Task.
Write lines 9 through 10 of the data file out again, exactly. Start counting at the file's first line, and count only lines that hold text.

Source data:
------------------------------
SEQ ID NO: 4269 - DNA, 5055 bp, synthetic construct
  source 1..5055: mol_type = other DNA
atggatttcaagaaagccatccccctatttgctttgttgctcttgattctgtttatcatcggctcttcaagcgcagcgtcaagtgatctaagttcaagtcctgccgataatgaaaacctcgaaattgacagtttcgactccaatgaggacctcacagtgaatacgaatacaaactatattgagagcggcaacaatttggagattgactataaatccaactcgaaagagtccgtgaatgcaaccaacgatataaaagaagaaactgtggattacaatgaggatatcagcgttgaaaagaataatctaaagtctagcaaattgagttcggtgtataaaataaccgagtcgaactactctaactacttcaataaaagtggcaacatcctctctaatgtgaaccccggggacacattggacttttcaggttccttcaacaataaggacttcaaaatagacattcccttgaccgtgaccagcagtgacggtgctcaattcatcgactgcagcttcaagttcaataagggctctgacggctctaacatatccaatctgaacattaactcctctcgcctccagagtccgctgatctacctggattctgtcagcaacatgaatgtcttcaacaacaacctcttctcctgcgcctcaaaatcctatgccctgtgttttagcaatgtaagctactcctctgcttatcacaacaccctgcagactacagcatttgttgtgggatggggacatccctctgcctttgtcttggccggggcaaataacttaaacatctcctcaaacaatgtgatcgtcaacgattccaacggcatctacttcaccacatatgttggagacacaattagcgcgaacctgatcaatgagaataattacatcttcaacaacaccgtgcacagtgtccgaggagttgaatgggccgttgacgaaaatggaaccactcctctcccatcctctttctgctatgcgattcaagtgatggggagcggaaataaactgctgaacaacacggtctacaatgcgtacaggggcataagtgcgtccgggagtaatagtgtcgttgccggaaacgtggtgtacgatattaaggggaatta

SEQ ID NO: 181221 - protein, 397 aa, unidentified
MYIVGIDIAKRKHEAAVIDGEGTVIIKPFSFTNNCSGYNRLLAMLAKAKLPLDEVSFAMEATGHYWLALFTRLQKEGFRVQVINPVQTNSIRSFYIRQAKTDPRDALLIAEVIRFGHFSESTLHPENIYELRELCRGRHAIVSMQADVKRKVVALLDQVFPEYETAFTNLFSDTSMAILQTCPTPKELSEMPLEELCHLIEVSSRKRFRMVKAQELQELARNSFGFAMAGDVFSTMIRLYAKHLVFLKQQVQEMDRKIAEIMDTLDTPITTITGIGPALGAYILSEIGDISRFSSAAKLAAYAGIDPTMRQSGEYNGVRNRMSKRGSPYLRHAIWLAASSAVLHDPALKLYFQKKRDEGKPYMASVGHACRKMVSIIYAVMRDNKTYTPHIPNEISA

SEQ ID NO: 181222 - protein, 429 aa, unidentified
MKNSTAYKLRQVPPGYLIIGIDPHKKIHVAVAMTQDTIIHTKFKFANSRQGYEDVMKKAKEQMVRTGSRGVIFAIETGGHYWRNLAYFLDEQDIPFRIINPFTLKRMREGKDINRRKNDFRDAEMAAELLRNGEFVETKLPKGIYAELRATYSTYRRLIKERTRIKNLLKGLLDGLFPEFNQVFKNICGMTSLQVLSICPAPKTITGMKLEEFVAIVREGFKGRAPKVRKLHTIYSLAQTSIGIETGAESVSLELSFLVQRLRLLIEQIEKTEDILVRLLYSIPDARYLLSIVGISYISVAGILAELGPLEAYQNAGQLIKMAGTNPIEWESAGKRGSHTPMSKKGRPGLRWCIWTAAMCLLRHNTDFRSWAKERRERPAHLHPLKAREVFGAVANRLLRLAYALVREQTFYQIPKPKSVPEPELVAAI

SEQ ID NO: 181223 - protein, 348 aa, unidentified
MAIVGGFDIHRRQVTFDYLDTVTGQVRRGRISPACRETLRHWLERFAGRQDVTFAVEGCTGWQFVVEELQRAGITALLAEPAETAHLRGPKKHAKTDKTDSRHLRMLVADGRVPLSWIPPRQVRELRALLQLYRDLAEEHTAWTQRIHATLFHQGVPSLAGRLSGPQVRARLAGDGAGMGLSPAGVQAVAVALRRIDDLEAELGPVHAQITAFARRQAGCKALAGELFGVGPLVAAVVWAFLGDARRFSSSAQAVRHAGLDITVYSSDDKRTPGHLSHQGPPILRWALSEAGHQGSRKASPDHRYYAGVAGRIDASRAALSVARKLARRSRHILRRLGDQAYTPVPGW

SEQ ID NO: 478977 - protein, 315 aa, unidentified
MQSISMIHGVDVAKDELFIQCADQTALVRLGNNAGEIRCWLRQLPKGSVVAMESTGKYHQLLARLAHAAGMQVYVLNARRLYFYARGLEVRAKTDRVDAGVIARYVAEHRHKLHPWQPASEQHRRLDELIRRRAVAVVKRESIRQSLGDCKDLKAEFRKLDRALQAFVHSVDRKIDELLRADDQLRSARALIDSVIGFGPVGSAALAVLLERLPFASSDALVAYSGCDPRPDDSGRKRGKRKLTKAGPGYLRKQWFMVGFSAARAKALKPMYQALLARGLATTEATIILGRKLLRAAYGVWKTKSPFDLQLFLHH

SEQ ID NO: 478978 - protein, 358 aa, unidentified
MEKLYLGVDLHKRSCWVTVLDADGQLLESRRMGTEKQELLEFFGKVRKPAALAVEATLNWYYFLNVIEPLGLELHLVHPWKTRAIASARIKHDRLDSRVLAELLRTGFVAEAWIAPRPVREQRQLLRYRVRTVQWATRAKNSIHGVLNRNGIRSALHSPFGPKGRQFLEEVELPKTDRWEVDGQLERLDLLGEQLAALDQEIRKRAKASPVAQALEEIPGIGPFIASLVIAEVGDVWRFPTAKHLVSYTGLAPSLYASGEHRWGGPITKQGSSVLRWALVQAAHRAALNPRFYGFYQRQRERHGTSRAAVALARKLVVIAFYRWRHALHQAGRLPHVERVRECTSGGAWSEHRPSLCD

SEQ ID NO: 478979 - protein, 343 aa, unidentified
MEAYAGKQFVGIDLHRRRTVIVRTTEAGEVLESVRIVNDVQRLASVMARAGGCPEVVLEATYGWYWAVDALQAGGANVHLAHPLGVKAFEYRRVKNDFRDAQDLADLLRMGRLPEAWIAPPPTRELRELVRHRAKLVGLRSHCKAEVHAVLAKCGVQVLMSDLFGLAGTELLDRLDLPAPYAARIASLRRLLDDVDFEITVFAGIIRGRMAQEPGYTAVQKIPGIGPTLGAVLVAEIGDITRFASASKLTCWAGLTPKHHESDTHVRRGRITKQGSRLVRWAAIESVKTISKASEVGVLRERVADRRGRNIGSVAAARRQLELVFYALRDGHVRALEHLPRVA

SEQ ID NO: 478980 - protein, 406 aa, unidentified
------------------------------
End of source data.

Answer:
MAIVGGFDIHRRQVTFDYLDTVTGQVRRGRISPACRETLRHWLERFAGRQDVTFAVEGCTGWQFVVEELQRAGITALLAEPAETAHLRGPKKHAKTDKTDSRHLRMLVADGRVPLSWIPPRQVRELRALLQLYRDLAEEHTAWTQRIHATLFHQGVPSLAGRLSGPQVRARLAGDGAGMGLSPAGVQAVAVALRRIDDLEAELGPVHAQITAFARRQAGCKALAGELFGVGPLVAAVVWAFLGDARRFSSSAQAVRHAGLDITVYSSDDKRTPGHLSHQGPPILRWALSEAGHQGSRKASPDHRYYAGVAGRIDASRAALSVARKLARRSRHILRRLGDQAYTPVPGW

SEQ ID NO: 478977 - protein, 315 aa, unidentified